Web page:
Responses and Coping

If you had told me a year ago I’d be reading psychology papers to get some ideas about coping strategies for depression and stress to write responses for an Alexa, I probably wouldn’t believe you. But here we are.

So going into the fourth week of this residency, I’ve reached a point where I have my back part done, which is good. So each day the device generates a stress level, physical level, mood etc, and saves that. Then draws on that during the day. I’ve also finished a rough function for updating it, which works and all my response and IoT implementations. None of this is even close to polished, but it works, and its mostly consistent. I might have to do some tweaking, but hey it works, so let’s go with that.

So now I’m working on the responses. A lot of people consider this to be the fun part. Its the responses! But I actually find it the most difficult, probably because I’m not a writer. But also because I can’t just barf out some silly responses, they have to utilize the variables and mood.

At first I was considering making different variants on the actions around different variable levels. Or getting the mood to affect its tone of voice. But I wasn’t really sold on that. So now I’m thinking about using the mood and perception and other variables to set an internal goal for the device, and have that influence what kind of responses and actions it does, and make actions based around coping mechanisms to try and accomplish that internal goal. I read a while ago that BDI systems can sometimes get fixated, which isn’t good. But I think that might be fun to play with on some levels.

The first two categories I kind of glommed onto were ideas around Action Orientated Coping and Avoidance Orientated Coping. So this could be things like, if the device has a really low physical score and is in a bad mood, maybe it badgers the user or misdirects them if they want to use the blender, to try and get them to use one of the other less taxing actions (eg checking the news). Or maybe if its stress level is really high, then it tries to dissuade the user from checking the news and pushes them to use the record player or just play with the lights.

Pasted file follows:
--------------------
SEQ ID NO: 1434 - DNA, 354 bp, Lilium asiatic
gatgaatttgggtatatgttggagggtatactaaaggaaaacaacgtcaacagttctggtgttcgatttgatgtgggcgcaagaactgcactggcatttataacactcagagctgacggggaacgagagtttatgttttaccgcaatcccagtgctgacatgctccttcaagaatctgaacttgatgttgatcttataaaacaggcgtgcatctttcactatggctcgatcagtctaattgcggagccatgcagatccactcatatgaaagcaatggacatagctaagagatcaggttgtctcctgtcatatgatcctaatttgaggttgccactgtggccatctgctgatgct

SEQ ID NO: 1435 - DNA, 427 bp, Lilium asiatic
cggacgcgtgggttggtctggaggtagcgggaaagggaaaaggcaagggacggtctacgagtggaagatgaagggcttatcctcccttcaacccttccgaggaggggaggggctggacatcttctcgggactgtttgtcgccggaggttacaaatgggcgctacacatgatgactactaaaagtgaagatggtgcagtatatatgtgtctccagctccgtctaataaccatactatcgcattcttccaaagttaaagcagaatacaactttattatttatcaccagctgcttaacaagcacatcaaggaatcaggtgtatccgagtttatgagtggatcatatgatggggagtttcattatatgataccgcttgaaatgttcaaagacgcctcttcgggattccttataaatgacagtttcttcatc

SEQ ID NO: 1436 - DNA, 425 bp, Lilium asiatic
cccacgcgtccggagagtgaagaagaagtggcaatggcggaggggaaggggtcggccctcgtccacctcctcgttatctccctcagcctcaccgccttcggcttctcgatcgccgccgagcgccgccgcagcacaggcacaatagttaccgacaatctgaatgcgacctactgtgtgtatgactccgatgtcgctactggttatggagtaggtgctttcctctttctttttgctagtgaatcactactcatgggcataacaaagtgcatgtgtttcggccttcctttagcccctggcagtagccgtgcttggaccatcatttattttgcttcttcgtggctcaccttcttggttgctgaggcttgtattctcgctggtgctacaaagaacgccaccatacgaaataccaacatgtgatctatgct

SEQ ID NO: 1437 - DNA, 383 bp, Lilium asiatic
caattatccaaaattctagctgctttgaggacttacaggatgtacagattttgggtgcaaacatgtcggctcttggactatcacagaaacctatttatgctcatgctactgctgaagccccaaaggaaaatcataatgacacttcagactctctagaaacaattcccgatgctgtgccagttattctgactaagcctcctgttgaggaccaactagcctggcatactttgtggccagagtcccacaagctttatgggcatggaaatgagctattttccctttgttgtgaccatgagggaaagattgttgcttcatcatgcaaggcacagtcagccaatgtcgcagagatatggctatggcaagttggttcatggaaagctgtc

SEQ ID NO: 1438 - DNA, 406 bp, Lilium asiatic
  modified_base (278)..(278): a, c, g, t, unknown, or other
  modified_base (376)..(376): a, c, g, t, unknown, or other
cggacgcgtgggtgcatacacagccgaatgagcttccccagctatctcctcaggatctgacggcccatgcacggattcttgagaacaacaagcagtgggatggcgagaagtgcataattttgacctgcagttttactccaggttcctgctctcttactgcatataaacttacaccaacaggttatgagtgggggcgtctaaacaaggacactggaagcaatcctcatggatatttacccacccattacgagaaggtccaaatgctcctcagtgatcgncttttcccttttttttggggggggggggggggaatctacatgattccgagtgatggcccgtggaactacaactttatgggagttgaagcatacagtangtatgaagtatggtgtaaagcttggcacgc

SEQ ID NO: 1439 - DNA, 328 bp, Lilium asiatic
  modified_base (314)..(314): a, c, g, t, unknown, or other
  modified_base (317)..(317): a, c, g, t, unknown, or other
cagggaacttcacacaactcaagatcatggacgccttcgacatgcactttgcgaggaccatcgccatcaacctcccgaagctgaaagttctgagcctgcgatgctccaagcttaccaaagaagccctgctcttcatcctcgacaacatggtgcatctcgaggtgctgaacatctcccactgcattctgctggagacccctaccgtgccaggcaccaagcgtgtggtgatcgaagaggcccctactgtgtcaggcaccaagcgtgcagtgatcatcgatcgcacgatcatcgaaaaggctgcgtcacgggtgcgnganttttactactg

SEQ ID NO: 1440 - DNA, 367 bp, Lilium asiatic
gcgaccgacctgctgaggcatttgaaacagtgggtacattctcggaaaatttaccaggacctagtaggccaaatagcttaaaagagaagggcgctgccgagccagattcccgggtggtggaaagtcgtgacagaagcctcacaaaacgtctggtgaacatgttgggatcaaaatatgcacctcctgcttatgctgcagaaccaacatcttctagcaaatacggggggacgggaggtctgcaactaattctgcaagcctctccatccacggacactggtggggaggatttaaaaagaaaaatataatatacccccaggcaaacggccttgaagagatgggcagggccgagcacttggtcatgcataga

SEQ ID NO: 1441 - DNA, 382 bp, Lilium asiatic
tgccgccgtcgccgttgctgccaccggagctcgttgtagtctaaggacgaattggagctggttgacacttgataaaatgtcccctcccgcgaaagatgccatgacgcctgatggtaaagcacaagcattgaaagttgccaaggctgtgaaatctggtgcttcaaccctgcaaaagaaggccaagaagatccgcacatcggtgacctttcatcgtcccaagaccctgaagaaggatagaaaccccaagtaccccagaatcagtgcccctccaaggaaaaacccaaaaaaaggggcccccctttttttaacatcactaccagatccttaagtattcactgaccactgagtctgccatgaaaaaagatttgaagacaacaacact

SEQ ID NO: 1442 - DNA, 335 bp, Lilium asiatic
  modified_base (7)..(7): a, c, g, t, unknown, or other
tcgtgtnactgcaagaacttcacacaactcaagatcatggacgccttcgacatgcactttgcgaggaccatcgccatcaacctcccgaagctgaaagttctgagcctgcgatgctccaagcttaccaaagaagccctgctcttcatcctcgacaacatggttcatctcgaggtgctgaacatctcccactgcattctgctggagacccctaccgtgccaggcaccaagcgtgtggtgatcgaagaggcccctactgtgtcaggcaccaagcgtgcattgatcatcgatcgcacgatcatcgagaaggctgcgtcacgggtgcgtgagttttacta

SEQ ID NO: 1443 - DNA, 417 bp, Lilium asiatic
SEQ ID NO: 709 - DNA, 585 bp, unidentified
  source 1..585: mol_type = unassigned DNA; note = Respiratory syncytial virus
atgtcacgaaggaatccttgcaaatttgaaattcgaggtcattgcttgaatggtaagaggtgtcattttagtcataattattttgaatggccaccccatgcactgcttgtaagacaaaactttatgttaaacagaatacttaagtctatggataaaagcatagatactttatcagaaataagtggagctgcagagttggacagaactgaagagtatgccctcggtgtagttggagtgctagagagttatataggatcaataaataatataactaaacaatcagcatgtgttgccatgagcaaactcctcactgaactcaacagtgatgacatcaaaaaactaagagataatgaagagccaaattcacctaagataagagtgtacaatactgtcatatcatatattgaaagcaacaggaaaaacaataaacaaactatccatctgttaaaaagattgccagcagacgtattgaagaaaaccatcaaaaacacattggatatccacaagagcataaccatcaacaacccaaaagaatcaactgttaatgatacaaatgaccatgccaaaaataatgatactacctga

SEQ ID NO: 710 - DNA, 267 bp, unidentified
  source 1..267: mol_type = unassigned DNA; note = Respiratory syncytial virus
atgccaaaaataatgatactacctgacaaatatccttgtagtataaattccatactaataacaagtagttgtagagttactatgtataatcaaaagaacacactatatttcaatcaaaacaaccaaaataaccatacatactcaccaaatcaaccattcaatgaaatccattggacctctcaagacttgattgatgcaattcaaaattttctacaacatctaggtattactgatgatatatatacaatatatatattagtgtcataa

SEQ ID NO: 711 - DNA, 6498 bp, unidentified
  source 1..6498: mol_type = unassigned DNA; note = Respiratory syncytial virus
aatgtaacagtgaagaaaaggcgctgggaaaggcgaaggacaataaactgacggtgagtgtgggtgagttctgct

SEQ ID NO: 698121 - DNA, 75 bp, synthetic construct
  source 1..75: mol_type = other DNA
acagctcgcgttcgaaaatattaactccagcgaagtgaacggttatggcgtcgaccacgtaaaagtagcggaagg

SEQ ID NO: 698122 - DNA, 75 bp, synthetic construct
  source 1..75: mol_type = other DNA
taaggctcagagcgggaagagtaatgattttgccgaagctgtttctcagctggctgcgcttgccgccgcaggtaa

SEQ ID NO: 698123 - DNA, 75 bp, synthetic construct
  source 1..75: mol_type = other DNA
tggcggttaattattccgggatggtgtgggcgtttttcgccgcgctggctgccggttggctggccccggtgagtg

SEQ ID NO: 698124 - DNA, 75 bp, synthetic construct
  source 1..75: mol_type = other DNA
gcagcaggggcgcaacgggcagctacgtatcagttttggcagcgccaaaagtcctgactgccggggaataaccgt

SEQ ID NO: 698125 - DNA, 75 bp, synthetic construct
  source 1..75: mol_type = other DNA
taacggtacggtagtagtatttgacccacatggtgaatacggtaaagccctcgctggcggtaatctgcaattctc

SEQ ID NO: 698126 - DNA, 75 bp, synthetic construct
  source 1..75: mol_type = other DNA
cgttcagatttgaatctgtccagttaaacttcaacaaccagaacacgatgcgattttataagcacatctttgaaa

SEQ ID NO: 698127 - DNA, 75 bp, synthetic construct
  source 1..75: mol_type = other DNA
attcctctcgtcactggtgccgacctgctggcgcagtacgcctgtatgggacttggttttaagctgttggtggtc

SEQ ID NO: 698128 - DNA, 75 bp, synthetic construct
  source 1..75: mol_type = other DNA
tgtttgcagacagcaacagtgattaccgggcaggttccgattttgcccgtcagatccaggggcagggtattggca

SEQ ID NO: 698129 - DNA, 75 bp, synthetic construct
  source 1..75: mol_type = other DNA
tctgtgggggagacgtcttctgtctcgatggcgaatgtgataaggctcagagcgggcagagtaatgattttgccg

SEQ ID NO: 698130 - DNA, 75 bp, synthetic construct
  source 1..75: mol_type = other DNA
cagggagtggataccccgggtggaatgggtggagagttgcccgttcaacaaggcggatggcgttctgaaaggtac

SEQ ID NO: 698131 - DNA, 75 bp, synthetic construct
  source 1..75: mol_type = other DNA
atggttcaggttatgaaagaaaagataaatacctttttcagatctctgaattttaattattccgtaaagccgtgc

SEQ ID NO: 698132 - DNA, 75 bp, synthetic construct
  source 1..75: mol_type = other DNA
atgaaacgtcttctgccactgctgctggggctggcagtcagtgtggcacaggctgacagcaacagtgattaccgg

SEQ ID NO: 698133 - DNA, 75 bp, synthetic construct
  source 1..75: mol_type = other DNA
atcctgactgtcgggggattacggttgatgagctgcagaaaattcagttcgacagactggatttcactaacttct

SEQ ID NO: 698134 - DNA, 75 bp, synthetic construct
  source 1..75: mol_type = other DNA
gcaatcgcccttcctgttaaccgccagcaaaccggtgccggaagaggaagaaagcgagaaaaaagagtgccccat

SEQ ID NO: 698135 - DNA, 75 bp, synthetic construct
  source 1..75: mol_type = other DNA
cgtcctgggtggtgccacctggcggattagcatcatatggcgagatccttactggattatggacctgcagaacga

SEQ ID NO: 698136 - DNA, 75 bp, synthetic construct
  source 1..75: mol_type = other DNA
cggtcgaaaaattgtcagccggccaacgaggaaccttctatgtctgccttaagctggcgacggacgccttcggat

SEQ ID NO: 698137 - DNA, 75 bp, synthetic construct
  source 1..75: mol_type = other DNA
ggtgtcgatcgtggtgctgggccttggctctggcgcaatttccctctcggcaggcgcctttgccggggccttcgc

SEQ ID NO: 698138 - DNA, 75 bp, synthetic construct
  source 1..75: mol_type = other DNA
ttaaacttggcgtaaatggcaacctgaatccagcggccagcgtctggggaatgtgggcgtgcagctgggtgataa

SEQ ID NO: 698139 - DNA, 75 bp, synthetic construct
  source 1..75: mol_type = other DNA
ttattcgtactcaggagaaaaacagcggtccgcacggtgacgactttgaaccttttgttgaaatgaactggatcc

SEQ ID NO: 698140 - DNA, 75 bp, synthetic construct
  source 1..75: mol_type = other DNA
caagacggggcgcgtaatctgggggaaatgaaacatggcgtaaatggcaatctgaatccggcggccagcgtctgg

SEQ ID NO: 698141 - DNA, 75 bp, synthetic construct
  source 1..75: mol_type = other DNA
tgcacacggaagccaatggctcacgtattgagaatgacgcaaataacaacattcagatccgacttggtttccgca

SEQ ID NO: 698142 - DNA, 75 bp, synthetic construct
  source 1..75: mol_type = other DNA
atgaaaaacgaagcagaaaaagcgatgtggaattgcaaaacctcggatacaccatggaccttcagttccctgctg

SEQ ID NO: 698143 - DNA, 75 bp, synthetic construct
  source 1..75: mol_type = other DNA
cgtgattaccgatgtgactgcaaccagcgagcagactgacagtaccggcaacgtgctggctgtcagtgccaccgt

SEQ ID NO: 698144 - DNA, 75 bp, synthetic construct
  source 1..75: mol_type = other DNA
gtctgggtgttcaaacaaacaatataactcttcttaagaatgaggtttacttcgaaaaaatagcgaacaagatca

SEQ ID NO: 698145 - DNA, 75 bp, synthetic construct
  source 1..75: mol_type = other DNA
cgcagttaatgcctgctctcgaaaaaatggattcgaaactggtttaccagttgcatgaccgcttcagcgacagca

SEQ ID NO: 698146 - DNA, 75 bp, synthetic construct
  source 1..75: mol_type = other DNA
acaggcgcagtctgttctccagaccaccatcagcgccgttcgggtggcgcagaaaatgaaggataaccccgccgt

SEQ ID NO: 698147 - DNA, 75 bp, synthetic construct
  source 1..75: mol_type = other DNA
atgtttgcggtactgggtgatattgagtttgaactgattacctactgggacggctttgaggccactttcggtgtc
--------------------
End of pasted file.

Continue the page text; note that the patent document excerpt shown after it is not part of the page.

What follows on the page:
I’m considering if I want to make responses that also ask the user for assistance. Or include them in more avoidant coping, like for example, the device has enough spoons to use the blender, but has an internal goal of conserving its spoons, so instead it tries to tell the user a food joke, or asks if maybe they just want to sit down and listen to a song with it. This could go badly, but it might be really interesting.

A friend here suggested working in a “do it for me” route, for when the device is totally out of spoons. Where your interaction with it, is the Alexa telling YOU how to complete the task you want, because it just can’t anymore.

Anyways, that’s what I’m working on this week. I might get far, I might not, and be working on that part at home. But either way I feel pretty good about where I am with this, and what I’ll be leaving with.

Oh yeah! We finally had a snowy day.

Also I just wanted to share my favourite thing in Glyde Hall, this ancient, sketchy phone in the elevator.